Ingram's Flat Spot On Team Tactics Hurt The Sport by Jonathan Ingram Is motor racing a team sport? It's a question that was brought up in three major series over the past weekend -- and a situation still yet to be given a rest as the Formula...
Ingram's Flat Spot On
Team Tactics Hurt The Sport
by Jonathan Ingram
Is motor racing a team sport?
It's a question that was brought up in three major series over the past weekend -- and a situation still yet to be given a rest as the Formula 1 and Sprint Cup championships wind toward a conclusion.
In Brazil, Mark Webber lost a race to his teammate at Red Bull and probably lost the world championship to Ferrari driver Fernando Alonso with that result. If the final standings remain in the current order heading into the finale at Abu Dhabi, then the Italian team's driver will have won due to help from his teammate at Hockenheim earlier this year. And Webber will have lost due to an absence of help from a team cohort -- he's not exactly a mate -- Sebastian Vettel.
Is that any way to run a motor racing team? Dietrich Mateschitz, the founder of the Red Bull brand and the team owner, believes so. If nothing else, the brand stands for doing things differently with a flair for independence. The owner and founder is standing behind his energy drink brand and in so doing focusing more attention on it than the pepper-upper might otherwise receive.
I hesitate to suggest integrity in this process, because it's always possible the German driver Vettel might have received different treatment at the team owned by an Austrian had the roles been reversed and the Australian driver Webber was trailing Vettel in the points. (Witness events at Silverstone.) Also, as pepper-uppers go, most did not gain worldwide fame as a mixer for vodka, a sort of new wave martini, which also calls into question stated goals for Red Bull and actual implementation.
The view here remains unchanged. The moment team considerations come into play in a motor racing series on the track, the sport loses its integrity. In decades gone by, it might have been a standard procedure for one driver in F1 to help his teammate, but in the era of intense, live media coverage when this happens it's pretty clear the rules of competition are suspended in favor of commerce instead of athleticism or sport. It smacks of hypocrisy, not to mention leads to questions of the validity of a champion representing an entire sport.
There's also an element of greed. A very prestigious constructors' championship already exists that requires each member of an F1 team to do his or her best for a team to win. If there's already a team title, why sully the individual bout for the driving championship?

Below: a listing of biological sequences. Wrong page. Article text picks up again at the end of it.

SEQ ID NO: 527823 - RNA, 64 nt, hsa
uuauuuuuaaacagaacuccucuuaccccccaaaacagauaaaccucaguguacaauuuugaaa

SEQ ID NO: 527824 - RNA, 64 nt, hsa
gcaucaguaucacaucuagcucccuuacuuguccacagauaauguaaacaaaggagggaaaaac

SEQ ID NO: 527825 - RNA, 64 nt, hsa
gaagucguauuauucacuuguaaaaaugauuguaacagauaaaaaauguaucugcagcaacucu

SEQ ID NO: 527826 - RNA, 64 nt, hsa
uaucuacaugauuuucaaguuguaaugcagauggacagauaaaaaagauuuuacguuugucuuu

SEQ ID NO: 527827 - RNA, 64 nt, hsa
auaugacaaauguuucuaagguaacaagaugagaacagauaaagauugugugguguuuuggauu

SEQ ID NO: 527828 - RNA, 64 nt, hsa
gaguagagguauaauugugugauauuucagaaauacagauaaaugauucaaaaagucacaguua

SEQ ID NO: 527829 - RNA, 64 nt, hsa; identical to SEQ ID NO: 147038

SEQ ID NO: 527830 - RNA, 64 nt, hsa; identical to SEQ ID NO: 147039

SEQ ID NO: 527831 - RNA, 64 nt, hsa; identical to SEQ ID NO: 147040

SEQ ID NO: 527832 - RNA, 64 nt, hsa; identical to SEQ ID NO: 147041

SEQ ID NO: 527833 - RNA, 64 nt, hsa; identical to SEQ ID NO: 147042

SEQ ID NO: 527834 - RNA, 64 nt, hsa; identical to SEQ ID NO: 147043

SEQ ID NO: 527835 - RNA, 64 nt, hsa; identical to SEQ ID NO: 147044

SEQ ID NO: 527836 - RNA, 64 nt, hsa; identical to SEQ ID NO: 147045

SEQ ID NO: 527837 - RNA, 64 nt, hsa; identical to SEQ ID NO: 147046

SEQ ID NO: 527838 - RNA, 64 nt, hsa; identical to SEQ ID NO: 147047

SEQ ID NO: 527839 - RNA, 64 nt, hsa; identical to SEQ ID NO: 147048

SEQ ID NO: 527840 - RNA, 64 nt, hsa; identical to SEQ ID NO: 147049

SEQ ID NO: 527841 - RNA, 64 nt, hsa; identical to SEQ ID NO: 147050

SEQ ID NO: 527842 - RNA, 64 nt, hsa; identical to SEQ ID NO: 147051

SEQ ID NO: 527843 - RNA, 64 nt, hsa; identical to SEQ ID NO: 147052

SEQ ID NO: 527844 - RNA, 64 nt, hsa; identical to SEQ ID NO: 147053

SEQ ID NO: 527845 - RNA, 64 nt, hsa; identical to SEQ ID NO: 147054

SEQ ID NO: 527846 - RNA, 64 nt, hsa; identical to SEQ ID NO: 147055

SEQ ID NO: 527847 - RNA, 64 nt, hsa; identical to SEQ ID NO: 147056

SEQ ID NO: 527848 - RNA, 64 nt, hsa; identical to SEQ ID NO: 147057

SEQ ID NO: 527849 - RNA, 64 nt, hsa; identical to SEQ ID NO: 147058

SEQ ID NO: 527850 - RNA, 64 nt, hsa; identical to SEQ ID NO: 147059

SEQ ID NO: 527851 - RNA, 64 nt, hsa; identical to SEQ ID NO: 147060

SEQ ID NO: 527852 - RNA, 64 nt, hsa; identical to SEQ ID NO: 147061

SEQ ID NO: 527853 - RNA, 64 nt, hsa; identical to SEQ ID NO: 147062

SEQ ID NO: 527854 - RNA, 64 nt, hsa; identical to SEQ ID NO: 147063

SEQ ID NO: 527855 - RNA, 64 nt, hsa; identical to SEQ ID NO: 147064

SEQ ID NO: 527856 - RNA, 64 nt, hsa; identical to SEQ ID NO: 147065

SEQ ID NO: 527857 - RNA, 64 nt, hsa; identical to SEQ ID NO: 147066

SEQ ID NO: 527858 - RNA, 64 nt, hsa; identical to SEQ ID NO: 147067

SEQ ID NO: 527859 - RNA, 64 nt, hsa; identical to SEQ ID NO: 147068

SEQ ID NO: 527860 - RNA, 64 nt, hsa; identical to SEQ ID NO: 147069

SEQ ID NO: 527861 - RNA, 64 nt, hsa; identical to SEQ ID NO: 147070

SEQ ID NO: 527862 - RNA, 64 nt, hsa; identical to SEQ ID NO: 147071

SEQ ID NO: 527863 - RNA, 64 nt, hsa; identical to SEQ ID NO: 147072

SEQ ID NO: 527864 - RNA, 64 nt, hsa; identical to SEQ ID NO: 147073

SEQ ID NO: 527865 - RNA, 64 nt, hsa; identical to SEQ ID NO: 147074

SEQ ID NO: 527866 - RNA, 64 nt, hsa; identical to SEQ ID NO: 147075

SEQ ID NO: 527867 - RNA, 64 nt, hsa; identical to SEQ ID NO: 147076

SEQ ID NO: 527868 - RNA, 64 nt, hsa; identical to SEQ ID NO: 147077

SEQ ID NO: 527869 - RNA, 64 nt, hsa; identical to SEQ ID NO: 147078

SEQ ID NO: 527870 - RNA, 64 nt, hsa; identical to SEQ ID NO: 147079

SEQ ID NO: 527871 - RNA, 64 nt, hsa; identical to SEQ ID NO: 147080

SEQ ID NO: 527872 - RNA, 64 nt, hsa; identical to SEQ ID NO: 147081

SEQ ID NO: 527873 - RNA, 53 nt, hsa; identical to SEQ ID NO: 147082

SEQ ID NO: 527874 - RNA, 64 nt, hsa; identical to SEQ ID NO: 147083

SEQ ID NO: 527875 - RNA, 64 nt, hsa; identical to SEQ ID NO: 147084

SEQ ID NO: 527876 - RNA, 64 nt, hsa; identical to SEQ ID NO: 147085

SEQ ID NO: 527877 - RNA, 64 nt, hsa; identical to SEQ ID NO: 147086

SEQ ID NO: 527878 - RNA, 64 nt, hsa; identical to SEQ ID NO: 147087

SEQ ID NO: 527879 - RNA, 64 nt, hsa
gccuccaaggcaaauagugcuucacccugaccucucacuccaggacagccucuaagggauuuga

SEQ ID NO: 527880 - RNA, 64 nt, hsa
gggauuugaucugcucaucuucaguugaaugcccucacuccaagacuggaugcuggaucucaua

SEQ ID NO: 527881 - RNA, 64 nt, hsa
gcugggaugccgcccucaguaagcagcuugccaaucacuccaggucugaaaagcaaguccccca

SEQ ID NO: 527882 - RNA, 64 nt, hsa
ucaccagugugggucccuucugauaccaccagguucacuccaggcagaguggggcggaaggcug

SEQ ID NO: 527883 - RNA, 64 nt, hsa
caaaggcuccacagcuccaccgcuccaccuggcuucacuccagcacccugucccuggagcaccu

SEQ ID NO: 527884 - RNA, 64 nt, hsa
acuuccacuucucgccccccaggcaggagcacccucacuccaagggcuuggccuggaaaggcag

In NASCAR, there's currently a question about the rules of teamwork moreso than the rules of competition. When Crew Chief Chad Knaus replaced his own pit crew for the Chevy of Jimmie Johnson with the pit crew of Jeff Gordon at Texas last weekend, it left a bad taste behind for many.
The decision by Knaus -- to be sustained for the final two races of the season as Johnson tries to catch points leader Denny Hamlin -- followed by two weeks the decision by team owner Richard Childress to exchange the over-the-wall crew of contender Kevin Harvick with the pit crew of teammate Clint Bowyer. The difference with Knaus' decision to change came during the middle of the Texas race after Gordon's car was destroyed in an accident.
In a series without a constructor's championship, do all the team members at Hendrick Motorsports who have contributed to the success of the No. 48 entries of Johnson deserve to have a shot at the title -- even if it means dumping one pit crew for another in the middle of a race? How is it much different than the decision by Childress to switch crews, a situation that generated little hue and cry when it was announced?
It should be noted that Bowyer won the race at Talladega by inches over Harvick shortly after the switch, a decision introduced privately before it was announced and publicly supported before the heat of battle resumed. But it appears unlikely that Gordon will be in contention for a win his career and team desperately need in the final two races now that his pit crew has been moved, resulting in the current hoopla surrounding Hendrick Motorsports and the Chase for the Sprint Cup.
The opinion here is that Knaus' decision was bad strategy as well as bad form. Johnson didn't gain much with the crew switch, but his crew chief and team have been cast as desperate and are now internally distracted. That can only lead to more confidence at the Joe Gibbs Racing team of Hamlin directed by Mike Ford, who made the fateful decision to put more pressure on Johnson's crew by choosing an adjoining pit stall at the Texas Motor Speedway.
In China meanwhile, the Peugeot Sport team took a clean sweep with a third straight victory in the inaugural Intercontinental Le Mans Cup at the finale in Zhuhai, but only after using its lapped car to slow down the faster Audi of Allan McNish and Tom Kristensen in the final hour.
This scenario is double trouble. It's not about having one teammate help another in a way that is contrived by giving up a position. It was about a teammate -- in this case Sebastien Bourdais -- deliberately hurting the chances of a rival competitor, Kristensen, on the track. Once the cat is out of the bag when it comes to team tactics, this is the logical conclusion. Motor racing gets turned into a high-speed roller derby.
I actually like roller derby, especially the female variety. But it's never been confused with motor racing.
Jonathan Ingram can be reached at firstname.lastname@example.org.